A gorgeous natural cove in Thailand fell prey to being loved to death. Made famous by The Beach, a 2000 film starring Leonardo DiCaprio, Maya Bay saw thousands of visitors daily to its idyllic teal-tourmaline waters, hugged by verdant arms. But last year it became off-limits to tourists so the area’s decimated corals could recover. In May this year, the country’s national parks department announced the shores would remain closed until at least June 2021.

“We need more time to allow nature to fully recover,” parks director Songtam Suksawang told CNN Travel.

In its heyday, the bay received an estimated 5,000 visitors per day, or 150,000 a month. By comparison, Tahoe sees up to 11.8 million visitors in the month of July alone. Is there a chance we’re loving the Jewel of the Sky to death?


Our feature news story this month touches on this issue garnering attention on the global scale: overuse of places we love. One tangible result and the focus of Moonshine’s piece are piles and piles of trash. Under foot, on the street, and insidiously difficult to control. While on the surface Tahoe is cleaner than many places on earth, trash is undeniably an issue. From overfull main-street trash cans to beer cans strewn about an abandoned campsite, we’ve all seen it. And now, at least one long-term effect has been documented — we know we have microplastics in the lake. At the moment, humans don’t know how to get them out.

When we have an issue, our kneejerk reaction is to throw more at the issue. More attention, more talk, more money. But are we solving the problem?

Undeniably it’s complex, but must we keep exacerbating the issue? Marketing the area more extensively, approving more development, encouraging more people to visit, live, and recreate, because more money means solutions. But goodness, restaurants have a fire marshal limit for a reason — sometimes enough is enough.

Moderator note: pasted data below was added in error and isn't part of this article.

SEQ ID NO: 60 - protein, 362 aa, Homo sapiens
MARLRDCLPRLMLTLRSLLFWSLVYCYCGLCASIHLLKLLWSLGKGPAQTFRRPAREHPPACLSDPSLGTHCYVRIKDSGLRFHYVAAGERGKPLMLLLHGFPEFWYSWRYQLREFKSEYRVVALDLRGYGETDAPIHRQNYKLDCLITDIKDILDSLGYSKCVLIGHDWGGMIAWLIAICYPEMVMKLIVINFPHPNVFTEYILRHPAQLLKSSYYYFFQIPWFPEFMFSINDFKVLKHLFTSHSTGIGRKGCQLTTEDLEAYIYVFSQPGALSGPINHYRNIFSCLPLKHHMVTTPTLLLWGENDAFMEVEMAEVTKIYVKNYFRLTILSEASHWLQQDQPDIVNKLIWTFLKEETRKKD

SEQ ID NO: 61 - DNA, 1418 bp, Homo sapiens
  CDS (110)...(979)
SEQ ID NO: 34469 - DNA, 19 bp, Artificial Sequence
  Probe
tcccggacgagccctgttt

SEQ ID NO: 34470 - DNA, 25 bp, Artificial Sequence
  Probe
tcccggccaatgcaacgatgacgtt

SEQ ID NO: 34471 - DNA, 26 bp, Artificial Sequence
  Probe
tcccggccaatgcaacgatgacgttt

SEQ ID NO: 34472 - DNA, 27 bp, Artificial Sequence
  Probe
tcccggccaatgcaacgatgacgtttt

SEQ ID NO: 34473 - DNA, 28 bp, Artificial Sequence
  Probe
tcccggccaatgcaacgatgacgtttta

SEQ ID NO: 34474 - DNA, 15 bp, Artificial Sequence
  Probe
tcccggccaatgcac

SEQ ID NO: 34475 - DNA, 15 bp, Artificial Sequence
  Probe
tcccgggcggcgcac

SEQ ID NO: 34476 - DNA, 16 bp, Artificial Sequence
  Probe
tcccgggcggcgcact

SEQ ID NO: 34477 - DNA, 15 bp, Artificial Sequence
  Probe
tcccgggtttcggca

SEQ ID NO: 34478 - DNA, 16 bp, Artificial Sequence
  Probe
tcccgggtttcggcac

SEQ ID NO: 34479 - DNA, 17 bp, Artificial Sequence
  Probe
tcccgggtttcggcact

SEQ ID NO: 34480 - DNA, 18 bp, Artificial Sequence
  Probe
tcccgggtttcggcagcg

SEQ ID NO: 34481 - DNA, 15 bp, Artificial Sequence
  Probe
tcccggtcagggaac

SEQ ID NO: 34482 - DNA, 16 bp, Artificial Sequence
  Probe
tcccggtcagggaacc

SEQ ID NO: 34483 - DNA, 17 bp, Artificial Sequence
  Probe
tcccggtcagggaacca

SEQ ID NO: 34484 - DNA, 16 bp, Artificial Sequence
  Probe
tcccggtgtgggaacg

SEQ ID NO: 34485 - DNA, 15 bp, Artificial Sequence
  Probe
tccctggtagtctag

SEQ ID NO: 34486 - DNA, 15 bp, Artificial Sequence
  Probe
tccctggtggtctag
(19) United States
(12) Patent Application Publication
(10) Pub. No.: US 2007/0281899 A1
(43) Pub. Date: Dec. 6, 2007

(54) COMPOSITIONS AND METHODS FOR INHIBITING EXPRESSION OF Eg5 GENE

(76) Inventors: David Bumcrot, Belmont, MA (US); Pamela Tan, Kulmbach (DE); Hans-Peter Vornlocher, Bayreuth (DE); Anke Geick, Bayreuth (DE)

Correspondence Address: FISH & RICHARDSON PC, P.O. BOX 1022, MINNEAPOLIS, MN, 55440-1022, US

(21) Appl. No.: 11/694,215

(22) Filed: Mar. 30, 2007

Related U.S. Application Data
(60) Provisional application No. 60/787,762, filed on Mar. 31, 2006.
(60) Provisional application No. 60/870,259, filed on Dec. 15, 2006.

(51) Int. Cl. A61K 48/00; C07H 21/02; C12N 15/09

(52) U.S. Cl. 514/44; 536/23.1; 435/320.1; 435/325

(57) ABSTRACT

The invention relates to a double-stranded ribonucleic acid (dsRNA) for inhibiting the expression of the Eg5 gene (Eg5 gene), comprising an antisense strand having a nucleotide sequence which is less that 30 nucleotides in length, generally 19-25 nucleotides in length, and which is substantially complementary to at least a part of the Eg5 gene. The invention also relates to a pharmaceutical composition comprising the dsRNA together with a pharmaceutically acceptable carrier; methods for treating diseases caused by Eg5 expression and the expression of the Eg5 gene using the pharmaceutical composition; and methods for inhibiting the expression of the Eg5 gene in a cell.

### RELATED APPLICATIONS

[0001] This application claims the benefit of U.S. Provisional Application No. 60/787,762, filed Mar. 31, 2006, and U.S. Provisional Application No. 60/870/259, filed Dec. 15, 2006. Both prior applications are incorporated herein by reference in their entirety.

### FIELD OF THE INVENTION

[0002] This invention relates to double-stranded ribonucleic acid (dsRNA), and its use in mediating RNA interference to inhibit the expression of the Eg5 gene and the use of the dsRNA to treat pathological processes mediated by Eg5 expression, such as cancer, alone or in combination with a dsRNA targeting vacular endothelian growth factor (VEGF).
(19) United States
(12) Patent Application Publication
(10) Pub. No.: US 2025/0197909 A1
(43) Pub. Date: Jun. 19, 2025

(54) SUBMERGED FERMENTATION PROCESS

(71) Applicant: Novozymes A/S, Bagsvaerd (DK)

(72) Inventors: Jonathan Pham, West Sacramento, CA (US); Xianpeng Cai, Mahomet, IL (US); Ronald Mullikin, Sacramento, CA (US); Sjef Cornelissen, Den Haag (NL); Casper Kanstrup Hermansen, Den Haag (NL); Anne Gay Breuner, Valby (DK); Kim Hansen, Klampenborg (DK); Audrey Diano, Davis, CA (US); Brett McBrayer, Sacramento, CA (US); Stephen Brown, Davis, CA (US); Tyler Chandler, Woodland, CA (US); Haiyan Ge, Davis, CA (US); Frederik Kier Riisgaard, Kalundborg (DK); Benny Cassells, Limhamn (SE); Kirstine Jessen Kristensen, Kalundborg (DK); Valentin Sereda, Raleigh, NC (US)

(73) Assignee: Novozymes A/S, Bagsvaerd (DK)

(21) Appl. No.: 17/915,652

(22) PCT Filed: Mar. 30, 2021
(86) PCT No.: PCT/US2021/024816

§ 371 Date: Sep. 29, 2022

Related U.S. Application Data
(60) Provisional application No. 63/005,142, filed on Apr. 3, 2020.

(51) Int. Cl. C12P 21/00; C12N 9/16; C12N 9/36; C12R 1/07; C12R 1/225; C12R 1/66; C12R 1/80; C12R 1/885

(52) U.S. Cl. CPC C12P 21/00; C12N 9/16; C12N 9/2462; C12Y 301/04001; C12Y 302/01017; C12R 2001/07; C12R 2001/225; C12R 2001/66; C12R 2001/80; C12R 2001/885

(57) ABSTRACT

More people, more revenue, doesn’t necessarily equal success. We have both in spades here in Tahoe, but why then do we have overflowing trash cans? Backed up traffic? Agencies and businesses that can’t find enough staff?

We need fecund solutions. Ones that don’t ask for more, but better.

We can’t shut the doors to Tahoe like Thailand did with Maya Bay … or could we …

Could we not use the agricultural check station for something useful like testing people’s knowledge about fire safety, trash ethos, and driving savvy — i.e. would you stop in the middle of a street in your town?

Barring that, a shift in attitude to “less is more” would allow nature to do its part to heal the effects humans have on it. It’s like Megan Seifert realizing that more of the same in science education wasn’t going to cut it — the underlying philosophy had to shift.

After all, if Tahoe — the land, water, air — is trampled beyond repair, all the money in the world won’t fix it.


  • Mayumi Peacock

    Mayumi Peacock was made in the Philippines, born in Minnesota, and has lived on both U.S. coasts, plus a few more shorelines overseas. From an early age, she was passionate about the written word and the power of storytelling. This interest fortuitously led to her current position as publisher/owner of Moonshine Ink. She has lived in Truckee/Tahoe since 1999, and is dedicated to fostering a vibrant and sustainable community.

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